Susan E. Craig

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The structural basis of the interaction of integrin heterodimers with their physiological ligands is poorly understood. We have used solution x-ray scattering to visualize the head region of integrin alpha 5 beta 1 in an inactive (Ca2+-occupied) state, and in complex with a fragment of fibronectin containing the RGD and synergy recognition sequences. Shape(More)
The ligand-binding head region of integrin beta subunits contains a von Willebrand factor type A domain (betaA). Ligand binding activity is regulated through conformational changes in betaA, and ligand recognition also causes conformational changes that are transduced from this domain. The molecular basis of signal transduction to and from betaA is(More)
Intercellular adhesion mediated by integrin alpha4beta1 and vascular cell adhesion molecule-1 (VCAM-1) plays a crucial role in both the rolling and firm attachment of leukocytes onto the vascular endothelium. Essential to the alpha4beta1/VCAM-1 interaction is its mechanical strength that allows the complex to resist the large shear forces imposed by the(More)
Integrin adhesion receptors are structurally dynamic proteins that adopt a number of functionally relevant conformations. We have produced a conformation-dependent anti-alpha5 monoclonal antibody (SNAKA51) that converts alpha5beta1 integrin into a ligand-competent form and promotes fibronectin binding. In adherent fibroblasts, SNAKA51 preferentially bound(More)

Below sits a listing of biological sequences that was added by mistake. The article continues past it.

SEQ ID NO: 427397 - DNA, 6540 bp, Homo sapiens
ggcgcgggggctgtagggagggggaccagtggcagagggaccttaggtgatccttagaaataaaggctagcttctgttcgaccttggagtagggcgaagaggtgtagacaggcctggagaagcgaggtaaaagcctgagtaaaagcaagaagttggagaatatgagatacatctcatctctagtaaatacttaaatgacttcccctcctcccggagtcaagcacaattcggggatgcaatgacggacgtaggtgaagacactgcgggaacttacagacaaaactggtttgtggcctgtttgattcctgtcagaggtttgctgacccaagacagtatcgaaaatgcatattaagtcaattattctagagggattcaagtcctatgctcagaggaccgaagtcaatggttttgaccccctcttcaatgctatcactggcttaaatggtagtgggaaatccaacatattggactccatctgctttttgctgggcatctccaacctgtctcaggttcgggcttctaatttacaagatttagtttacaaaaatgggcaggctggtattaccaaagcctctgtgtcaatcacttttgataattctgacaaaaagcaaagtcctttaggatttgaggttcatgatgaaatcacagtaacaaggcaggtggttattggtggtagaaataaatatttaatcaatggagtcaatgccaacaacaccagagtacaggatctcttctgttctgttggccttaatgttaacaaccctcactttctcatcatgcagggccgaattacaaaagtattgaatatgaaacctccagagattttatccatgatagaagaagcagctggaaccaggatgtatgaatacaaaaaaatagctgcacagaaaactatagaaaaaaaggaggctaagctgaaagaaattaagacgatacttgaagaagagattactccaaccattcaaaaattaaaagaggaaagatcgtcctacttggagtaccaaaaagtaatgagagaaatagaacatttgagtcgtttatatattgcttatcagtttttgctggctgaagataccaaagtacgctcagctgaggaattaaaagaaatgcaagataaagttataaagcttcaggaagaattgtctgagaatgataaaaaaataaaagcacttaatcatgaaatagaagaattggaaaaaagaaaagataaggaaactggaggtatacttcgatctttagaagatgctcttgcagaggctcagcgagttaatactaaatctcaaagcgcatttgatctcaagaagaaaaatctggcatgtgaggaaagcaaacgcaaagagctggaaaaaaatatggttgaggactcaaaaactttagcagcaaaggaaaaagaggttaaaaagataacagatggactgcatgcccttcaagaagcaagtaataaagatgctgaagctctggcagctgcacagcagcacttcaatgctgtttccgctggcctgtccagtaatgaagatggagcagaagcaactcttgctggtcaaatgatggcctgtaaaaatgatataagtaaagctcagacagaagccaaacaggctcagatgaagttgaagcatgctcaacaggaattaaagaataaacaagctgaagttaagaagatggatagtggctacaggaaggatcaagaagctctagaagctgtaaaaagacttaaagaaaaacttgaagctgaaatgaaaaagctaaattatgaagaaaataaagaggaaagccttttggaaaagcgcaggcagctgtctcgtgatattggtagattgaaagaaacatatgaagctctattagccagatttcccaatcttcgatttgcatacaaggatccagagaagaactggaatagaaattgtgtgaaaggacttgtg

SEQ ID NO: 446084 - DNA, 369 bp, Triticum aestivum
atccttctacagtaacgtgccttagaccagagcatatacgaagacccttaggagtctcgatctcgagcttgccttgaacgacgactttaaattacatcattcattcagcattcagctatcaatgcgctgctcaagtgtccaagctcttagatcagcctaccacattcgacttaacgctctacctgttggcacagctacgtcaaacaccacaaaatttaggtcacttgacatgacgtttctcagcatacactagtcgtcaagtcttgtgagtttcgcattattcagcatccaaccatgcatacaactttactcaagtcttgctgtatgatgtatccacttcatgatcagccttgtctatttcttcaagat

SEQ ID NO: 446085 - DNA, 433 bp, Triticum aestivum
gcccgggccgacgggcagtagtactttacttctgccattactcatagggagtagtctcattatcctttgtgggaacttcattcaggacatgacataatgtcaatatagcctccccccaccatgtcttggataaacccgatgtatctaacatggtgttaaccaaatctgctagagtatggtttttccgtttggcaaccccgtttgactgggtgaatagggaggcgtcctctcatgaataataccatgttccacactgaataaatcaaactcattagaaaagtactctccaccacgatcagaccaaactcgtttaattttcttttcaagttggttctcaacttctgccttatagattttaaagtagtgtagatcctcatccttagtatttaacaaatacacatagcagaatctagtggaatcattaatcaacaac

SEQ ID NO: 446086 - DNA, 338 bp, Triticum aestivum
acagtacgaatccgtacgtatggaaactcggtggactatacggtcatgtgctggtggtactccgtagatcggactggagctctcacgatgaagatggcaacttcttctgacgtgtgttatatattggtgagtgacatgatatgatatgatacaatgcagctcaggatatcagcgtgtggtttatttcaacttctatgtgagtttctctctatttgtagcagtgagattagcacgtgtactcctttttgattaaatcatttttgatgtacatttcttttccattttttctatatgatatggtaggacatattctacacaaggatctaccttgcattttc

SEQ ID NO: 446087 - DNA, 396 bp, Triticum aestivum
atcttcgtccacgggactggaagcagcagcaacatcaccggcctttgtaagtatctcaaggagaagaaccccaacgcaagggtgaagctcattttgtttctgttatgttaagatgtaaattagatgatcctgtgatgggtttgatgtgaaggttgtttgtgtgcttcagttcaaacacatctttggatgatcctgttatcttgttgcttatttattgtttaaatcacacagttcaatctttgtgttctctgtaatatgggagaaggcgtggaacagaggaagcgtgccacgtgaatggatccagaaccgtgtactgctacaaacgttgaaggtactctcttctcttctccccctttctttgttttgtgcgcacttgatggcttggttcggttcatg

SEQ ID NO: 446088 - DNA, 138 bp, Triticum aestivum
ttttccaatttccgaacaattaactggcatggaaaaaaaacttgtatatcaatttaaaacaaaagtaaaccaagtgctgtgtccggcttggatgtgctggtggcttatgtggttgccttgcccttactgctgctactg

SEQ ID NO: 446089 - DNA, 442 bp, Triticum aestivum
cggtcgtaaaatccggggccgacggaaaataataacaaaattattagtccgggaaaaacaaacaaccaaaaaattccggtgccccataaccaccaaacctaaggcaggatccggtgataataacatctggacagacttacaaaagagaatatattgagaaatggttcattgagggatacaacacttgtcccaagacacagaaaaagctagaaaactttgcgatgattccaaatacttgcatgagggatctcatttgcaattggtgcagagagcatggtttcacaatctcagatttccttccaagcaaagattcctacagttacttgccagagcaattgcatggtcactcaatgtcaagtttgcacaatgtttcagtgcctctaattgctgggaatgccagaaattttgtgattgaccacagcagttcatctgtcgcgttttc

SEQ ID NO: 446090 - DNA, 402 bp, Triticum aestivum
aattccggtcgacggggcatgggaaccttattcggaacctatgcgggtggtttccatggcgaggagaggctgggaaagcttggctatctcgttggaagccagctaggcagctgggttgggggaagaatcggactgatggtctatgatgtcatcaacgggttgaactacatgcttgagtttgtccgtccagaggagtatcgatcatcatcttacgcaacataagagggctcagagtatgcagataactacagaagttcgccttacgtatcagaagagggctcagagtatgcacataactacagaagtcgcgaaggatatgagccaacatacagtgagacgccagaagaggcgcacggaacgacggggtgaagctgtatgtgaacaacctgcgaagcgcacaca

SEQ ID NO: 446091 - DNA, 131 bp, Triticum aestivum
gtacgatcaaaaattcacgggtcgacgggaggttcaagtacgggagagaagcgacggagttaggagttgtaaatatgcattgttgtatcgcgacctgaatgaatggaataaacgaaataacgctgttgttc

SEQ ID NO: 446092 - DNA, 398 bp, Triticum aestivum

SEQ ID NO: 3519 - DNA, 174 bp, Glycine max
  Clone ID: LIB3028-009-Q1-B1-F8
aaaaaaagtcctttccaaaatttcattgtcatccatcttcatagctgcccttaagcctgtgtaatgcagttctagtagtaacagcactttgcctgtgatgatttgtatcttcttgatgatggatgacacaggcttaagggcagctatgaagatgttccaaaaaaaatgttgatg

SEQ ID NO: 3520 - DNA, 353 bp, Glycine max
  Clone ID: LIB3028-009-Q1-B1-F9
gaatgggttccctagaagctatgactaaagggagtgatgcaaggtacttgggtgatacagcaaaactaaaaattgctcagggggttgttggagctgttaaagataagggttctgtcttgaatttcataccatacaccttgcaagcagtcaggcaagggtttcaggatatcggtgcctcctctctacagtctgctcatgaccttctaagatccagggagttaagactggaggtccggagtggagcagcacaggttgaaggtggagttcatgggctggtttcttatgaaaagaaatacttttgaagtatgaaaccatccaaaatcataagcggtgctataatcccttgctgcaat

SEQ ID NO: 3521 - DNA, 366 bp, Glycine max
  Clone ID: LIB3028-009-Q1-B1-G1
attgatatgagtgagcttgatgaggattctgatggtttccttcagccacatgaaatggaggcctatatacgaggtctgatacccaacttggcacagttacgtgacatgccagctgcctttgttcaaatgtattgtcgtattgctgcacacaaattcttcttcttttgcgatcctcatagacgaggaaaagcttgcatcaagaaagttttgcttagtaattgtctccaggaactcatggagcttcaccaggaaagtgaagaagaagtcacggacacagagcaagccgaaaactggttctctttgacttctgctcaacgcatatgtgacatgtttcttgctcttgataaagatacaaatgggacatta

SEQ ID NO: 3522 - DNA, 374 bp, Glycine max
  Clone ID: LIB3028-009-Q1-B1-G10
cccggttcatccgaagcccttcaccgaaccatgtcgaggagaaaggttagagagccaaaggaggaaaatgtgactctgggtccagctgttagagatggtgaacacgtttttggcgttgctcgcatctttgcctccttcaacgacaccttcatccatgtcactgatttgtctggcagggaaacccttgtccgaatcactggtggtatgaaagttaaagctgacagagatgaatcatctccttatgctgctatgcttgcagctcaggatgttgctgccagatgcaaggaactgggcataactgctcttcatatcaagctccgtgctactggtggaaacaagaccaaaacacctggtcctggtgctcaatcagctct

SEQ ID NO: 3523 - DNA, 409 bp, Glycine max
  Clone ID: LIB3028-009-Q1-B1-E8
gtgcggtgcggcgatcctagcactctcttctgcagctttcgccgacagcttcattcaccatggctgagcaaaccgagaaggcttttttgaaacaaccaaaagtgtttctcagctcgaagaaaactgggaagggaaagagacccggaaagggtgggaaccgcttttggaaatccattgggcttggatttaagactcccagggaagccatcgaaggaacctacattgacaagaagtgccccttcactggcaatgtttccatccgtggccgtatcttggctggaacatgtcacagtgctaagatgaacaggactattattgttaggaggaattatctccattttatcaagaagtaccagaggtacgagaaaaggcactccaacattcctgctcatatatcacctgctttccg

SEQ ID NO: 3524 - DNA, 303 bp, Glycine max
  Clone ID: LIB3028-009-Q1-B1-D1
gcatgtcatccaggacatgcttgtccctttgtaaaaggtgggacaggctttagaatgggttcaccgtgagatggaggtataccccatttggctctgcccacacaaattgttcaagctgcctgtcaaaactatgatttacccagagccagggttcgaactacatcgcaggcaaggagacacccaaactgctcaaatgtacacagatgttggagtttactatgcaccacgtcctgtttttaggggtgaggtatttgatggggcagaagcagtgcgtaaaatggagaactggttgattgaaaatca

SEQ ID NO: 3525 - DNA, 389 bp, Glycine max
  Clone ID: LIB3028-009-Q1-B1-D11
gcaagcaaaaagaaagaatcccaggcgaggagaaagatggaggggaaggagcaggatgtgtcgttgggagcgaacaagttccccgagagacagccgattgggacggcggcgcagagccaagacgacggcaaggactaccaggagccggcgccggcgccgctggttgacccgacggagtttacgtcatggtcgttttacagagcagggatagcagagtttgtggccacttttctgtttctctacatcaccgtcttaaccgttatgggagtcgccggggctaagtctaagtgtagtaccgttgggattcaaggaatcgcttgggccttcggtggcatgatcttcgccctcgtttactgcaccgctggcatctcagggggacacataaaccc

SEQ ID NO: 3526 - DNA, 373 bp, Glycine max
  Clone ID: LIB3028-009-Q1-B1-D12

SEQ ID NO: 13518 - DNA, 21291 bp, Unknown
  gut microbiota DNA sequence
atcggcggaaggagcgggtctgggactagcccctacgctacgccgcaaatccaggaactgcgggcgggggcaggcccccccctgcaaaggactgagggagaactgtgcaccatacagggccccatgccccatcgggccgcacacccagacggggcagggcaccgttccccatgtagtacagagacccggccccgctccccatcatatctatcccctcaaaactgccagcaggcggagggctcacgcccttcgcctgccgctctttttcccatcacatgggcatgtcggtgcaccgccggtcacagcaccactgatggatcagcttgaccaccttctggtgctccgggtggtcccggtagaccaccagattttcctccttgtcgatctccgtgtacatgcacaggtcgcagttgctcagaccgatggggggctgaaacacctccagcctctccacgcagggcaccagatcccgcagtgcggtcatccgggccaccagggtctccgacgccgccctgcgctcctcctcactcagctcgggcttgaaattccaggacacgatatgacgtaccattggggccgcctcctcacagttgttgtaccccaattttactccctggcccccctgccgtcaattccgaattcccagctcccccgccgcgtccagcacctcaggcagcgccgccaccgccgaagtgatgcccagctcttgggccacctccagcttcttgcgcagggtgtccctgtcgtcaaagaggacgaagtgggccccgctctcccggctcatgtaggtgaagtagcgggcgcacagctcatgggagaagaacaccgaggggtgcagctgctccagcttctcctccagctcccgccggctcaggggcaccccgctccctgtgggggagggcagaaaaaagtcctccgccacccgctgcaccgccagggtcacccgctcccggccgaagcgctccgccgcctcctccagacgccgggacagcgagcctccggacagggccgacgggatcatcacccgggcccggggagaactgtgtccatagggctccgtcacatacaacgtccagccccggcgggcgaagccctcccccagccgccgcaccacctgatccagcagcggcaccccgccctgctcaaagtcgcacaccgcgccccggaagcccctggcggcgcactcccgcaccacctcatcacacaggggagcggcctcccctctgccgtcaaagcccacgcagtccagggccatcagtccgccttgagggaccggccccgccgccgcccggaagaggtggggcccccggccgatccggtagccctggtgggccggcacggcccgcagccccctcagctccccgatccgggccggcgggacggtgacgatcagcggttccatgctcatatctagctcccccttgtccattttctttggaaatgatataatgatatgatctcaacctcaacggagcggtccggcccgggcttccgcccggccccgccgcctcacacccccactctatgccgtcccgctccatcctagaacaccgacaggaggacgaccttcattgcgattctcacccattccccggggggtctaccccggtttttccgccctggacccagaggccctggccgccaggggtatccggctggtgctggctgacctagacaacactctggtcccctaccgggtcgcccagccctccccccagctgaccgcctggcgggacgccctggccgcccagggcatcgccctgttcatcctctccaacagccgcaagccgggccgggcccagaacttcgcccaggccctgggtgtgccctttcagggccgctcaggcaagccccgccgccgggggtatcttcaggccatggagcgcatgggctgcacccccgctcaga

Integrin-ligand interactions are regulated in a complex manner by divalent cations, and multiple cation-binding sites are found in both alpha and beta integrin subunits. A key cation-binding site that lies in the beta subunit A-domain is known as the metal-ion dependent adhesion site (MIDAS). Recent x-ray crystal structures of integrin alpha V beta 3 have(More)
The ligand-binding region of integrin beta subunits contains a von Willebrand factor type A-domain: an alpha/beta "Rossmann" fold containing a metal ion-dependent adhesion site (MIDAS) on its top face. Although there is evidence to suggest that the betaA-domain undergoes changes in tertiary structure during receptor activation, the identity of the secondary(More)
The overall structure of integrins is that of a ligand-binding head connected to two long legs. The legs can exhibit a pronounced bend at the "knees," and it has been proposed that the legs undergo a dramatic straightening when integrins transit from a low affinity to a high affinity state. The knee region contains domains from both alpha and beta subunits,(More)
The integrin receptor alpha 4 beta 1 (also known as VLA-4) binds two different ligands, the endothelial cell surface protein vascular cell adhesion molecule-1 (VCAM-1) and the extracellular matrix component fibronectin. Three distinct sites in fibronectin are recognized by alpha 4 beta 1. Two of these (represented by peptides CS1 and CS5) are present in the(More)
Matrix mechanics controls cell fate by modulating the bonds between integrins and extracellular matrix (ECM) proteins. However, it remains unclear how fibronectin (FN), type 1 collagen, and their receptor integrin subtypes distinctly control force transmission to regulate focal adhesion kinase (FAK) activity, a crucial molecular signal governing cell(More)
The ligand-binding activity of integrins is regulated by shape changes that convert these receptors from a resting (or inactive) state to an active state. However, the precise conformational changes that take place in head region of integrins (the site of ligand binding) during activation are not well understood. The portion of the integrin beta subunit(More)